Pacific Scoop

Girls have edge in Pacific education gender gap, says Tagaloatele

Tongan schoolgirls

Tongan schoolgirls ... educational trends favour girls, especially in Polynesia. Photo: Matangi Tonga

The success of educating girls in the Pacific, particularly Polynesia, has been a notable trend in the Pacific. Educating females has been difficult in some countries that have strong patriarchal views about the cultural role of women and girls in society.

Pacific Scoop:
Report – By Henry Yamo

Numbers of girls enrolling and completing primary and secondary education in the Pacific region is growing and comparing strongly with male students, according to a leading educator.

AUT University’s professor of Pacific studies, Tagaloatele Dr Peggy Fairbairn-Dunlop, compares the trend with a widespread global pattern where girls are often doing better than boys at school.

“While there may be some disparity in the three Pacific groupings – Melanesia, Polynesia and Micronesia – caused by cultural perceptions about education and gender, the results so far are notable,” she says.

Tagaloatele notes some commentators argue that the strong female showing is because the curriculum used in some Pacific countries is “female friendly” or female teachers encourage female students more than males.

While these views have some merit, Dr Fairbairn-Dunlop says early female maturity is a major factor that ensures better results by girls than boys.

She says females often settle down much quicker to the school experience so are able to do better than their male counterparts.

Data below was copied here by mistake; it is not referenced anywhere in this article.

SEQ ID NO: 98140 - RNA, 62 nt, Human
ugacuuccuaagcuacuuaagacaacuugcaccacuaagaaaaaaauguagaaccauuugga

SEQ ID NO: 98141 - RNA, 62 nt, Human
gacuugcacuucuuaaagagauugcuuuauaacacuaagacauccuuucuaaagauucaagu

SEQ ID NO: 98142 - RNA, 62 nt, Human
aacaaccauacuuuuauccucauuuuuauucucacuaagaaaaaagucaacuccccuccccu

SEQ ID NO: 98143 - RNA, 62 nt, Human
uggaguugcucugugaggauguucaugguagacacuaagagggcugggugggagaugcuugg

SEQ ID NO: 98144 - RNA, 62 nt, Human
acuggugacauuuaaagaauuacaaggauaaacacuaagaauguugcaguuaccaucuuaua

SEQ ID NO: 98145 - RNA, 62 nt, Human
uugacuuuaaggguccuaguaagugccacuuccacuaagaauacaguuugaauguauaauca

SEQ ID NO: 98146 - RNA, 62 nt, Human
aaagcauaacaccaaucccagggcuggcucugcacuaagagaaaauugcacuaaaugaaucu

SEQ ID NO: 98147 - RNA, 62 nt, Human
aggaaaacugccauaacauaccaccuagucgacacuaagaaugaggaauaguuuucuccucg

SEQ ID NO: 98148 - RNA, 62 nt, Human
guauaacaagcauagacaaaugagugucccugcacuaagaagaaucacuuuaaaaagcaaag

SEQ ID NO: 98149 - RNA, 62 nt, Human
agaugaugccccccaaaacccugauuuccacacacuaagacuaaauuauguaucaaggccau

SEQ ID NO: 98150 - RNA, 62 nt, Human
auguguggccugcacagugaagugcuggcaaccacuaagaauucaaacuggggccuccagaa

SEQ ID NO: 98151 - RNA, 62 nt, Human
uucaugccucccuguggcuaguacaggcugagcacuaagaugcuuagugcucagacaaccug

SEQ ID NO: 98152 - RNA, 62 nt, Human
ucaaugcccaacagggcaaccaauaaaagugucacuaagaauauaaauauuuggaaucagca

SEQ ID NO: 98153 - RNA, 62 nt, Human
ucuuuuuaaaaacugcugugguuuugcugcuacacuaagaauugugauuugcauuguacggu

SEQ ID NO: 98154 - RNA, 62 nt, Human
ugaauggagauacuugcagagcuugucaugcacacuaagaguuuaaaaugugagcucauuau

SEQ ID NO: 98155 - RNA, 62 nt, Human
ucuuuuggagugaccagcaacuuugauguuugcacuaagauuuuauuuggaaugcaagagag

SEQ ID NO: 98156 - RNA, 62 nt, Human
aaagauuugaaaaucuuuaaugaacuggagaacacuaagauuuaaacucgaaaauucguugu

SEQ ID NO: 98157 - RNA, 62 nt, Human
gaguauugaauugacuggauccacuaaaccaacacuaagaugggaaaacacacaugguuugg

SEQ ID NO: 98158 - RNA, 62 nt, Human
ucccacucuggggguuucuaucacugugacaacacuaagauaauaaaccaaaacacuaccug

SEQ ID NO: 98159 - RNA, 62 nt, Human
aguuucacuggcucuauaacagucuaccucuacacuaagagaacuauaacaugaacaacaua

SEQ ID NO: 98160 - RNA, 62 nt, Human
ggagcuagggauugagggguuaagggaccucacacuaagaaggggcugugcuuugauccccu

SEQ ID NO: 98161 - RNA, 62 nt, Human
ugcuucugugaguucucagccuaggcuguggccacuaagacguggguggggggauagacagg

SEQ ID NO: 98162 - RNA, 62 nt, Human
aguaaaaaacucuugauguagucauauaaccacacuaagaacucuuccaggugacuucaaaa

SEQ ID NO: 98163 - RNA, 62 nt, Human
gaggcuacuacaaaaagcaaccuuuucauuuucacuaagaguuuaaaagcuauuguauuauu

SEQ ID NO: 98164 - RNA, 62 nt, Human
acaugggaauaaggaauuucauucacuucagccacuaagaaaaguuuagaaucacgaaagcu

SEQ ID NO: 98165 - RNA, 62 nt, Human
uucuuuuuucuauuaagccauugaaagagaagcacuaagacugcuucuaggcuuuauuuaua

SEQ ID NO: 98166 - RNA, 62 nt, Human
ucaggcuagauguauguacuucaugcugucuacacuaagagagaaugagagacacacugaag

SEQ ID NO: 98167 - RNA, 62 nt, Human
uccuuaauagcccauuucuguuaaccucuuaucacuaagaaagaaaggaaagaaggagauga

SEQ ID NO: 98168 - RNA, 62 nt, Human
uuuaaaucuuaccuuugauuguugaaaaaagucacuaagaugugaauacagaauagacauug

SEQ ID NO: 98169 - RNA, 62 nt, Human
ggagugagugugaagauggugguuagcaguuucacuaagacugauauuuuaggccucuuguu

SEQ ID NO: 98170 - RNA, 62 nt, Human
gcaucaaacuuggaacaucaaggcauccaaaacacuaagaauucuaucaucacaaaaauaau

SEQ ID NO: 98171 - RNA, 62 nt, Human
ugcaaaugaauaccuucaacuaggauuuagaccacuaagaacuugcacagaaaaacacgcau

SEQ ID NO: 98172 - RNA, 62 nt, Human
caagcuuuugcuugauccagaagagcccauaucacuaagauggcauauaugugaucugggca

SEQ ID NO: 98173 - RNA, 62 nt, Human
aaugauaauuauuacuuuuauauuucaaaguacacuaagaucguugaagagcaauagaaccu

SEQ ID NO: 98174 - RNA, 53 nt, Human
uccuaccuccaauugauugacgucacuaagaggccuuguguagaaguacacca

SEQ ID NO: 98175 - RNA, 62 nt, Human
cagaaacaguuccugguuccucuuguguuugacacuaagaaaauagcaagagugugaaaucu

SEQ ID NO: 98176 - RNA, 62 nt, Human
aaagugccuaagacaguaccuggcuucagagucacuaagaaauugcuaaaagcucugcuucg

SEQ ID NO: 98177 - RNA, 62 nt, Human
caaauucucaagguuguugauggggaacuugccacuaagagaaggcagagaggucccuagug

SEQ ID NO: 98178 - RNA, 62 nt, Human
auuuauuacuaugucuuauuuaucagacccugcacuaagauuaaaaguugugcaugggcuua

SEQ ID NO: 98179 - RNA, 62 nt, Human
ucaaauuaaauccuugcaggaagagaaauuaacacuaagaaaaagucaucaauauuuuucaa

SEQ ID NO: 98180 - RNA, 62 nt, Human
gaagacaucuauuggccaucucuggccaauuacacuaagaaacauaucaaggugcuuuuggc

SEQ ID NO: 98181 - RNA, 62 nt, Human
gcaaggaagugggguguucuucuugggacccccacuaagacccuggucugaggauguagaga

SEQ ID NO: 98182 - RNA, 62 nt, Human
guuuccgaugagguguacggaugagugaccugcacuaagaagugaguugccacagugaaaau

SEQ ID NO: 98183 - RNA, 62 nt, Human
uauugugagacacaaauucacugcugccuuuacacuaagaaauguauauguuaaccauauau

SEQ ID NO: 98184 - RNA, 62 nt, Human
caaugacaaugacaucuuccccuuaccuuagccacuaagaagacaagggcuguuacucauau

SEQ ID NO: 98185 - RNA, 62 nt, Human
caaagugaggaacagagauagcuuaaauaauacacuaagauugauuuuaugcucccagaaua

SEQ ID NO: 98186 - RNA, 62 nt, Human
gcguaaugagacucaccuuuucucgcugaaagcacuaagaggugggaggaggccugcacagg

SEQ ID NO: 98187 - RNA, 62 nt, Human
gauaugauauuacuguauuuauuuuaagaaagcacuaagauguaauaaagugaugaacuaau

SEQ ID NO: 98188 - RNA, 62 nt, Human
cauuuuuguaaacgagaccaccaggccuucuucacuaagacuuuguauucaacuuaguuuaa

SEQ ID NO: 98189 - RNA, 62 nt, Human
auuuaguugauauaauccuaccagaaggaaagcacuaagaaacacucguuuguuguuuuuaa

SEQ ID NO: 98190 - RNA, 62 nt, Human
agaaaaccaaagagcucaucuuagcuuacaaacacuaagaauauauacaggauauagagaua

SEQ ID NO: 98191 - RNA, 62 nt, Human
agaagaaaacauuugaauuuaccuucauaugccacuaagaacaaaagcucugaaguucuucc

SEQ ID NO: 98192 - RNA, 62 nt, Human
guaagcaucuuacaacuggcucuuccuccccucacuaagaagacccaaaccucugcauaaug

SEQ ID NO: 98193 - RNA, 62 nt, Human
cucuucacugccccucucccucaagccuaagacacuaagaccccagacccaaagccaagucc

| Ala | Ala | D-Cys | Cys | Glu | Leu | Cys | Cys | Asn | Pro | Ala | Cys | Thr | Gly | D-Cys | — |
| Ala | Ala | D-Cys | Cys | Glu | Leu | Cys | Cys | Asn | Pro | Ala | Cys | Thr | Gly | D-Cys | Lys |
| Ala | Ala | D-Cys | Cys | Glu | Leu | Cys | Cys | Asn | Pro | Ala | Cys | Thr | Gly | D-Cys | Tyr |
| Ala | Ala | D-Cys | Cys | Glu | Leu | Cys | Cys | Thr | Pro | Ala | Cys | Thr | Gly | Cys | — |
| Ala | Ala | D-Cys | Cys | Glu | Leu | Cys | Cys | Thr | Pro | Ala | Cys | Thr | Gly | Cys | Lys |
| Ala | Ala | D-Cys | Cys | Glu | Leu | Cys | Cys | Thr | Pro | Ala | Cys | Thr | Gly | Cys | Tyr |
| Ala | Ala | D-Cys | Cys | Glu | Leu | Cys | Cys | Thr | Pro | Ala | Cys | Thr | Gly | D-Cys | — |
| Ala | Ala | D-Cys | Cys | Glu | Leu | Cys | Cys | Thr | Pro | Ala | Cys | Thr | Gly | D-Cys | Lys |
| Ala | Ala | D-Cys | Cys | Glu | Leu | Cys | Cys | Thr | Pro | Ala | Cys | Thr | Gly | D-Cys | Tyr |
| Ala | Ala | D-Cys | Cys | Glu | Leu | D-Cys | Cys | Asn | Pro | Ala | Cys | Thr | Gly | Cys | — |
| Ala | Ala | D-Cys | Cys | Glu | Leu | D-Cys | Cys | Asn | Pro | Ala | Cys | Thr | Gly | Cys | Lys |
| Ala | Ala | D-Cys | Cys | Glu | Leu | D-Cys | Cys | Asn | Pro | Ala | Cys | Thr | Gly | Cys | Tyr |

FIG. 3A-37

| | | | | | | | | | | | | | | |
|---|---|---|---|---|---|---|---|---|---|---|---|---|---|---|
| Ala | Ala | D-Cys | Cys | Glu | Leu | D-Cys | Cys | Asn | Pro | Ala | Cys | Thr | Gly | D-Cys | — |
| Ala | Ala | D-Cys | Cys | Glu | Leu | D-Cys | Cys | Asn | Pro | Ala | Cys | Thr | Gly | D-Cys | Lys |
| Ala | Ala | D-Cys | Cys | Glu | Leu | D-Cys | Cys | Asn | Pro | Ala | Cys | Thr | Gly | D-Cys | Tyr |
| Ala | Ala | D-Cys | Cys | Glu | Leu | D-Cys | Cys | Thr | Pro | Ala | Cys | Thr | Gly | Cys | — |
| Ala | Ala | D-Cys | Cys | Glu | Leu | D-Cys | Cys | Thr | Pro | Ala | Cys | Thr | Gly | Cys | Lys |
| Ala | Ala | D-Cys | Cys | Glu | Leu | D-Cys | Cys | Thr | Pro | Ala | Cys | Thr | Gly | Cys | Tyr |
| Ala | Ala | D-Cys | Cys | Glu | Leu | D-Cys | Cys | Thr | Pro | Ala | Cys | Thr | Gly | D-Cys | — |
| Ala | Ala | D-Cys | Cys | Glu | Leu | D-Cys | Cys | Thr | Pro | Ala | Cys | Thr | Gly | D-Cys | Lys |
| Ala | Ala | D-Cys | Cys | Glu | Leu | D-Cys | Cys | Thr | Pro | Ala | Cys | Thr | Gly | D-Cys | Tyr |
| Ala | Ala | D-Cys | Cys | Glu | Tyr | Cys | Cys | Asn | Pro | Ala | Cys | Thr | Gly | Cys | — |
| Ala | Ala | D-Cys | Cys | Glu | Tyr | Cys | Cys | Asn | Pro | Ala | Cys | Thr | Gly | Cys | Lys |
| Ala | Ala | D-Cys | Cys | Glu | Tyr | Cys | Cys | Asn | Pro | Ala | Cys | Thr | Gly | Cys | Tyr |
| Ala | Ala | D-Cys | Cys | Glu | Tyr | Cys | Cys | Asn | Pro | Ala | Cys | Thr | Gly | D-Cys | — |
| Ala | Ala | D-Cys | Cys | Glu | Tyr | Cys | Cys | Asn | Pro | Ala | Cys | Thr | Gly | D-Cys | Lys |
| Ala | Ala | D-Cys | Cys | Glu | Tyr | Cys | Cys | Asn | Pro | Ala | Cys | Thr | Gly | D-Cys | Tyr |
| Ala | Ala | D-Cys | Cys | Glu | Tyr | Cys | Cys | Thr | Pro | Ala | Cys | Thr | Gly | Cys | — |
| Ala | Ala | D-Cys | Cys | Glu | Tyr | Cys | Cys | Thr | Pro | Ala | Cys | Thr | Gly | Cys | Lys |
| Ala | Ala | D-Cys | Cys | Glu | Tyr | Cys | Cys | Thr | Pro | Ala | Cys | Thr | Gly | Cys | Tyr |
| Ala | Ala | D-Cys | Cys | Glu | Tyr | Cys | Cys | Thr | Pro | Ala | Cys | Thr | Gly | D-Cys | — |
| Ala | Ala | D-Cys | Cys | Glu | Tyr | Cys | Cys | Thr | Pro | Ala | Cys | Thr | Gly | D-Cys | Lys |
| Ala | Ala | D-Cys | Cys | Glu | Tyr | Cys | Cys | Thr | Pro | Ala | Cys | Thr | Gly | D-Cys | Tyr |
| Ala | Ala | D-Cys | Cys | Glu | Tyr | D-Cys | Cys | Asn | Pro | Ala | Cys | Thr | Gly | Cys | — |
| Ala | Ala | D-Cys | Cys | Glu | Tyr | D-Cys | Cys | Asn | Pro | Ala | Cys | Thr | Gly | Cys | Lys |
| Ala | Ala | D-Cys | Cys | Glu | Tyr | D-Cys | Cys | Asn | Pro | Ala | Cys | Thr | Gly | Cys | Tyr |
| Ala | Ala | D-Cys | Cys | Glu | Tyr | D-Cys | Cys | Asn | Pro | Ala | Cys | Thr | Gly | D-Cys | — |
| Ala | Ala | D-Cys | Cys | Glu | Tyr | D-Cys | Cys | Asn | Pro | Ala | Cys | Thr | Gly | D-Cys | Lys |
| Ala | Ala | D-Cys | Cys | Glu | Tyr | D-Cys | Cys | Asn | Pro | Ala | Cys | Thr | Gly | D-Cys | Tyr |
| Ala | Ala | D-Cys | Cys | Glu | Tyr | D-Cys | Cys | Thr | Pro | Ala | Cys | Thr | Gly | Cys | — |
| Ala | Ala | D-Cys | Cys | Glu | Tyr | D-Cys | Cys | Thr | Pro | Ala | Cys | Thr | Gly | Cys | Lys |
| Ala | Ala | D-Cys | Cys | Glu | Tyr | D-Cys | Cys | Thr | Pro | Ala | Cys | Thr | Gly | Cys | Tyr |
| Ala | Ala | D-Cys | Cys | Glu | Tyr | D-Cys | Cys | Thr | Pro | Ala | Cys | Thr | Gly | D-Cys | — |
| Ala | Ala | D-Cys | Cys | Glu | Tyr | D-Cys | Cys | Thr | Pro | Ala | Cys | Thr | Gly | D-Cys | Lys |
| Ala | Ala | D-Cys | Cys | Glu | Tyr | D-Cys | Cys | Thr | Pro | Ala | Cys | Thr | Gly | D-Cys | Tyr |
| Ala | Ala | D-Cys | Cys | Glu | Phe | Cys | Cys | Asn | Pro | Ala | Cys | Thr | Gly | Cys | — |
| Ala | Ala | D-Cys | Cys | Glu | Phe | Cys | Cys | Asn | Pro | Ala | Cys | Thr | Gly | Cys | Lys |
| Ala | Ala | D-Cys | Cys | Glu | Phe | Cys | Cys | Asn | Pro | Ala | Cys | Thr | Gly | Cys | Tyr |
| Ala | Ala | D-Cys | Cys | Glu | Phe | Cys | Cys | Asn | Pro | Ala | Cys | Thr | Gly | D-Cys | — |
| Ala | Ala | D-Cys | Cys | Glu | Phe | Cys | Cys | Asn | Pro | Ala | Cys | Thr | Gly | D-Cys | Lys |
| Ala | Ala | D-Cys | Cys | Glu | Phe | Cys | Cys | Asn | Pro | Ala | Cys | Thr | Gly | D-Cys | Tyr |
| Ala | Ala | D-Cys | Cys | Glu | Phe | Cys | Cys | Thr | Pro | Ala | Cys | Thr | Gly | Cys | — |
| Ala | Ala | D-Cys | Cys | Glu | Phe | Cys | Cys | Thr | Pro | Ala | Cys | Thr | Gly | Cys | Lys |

“Education for girls has many positive effects. They learn and become more involved in society and leadership as they become women,” Tagaloatele says.

More self-esteem

Tagaloatele Professor Peggy Fairbairn-Dunlop ... Polynesian societies faring well. Photo: Josephine Latu/PMC

“Girls also gain more self-esteem from greater knowledge that has often led them to be equal competitors with the male folk.”

With more educational opportunities, girls are now seen as equal competitors in society, excelling in all facets of life.

Education gives them power and enables them to contribute effectively to improve the conditions of living that many Pacific people still face today.

This is a notable trend in the Pacific, where educating females has been difficult in some countries that have strong patriarchal views about the cultural role of women and girls in society.

But this success story differs from one country to another.

According to Tagaloatele, Polynesian societies are faring well with sweeping results in educating girls, although, problems faced in educating children across the Pacific are common to the three groupings -Polynesia, Melanesia and Micronesia.

NZ standards
One possible reason for the Polynesian success as seen by Tagaloatele is that Polynesian countries are using New Zealand curriculum and standards and thus display almost identical results to New Zealand.

This assessment was reinforced by Jonah Tisam, an AUT doctoral student and former chief executive to the deputy Prime Minister of the Cook Islands.

Tisam says the Cook Islands government has invested heavily in education and social sector services, and these efforts are paying off handsomely, as more students – particularly more females – are being educated.

The strength of the Cook Islands education system, according to Tisam, is that children are kept longer in schools, allowing for repeats where necessary. This reduces drop-out rates and increases the number of educated young people.

This is a direct result of the government subsidising fees for education and health programmes. Tagaloatele says this initiative has enabled full participation from girls who have overtaken and are often doing one third better than boys.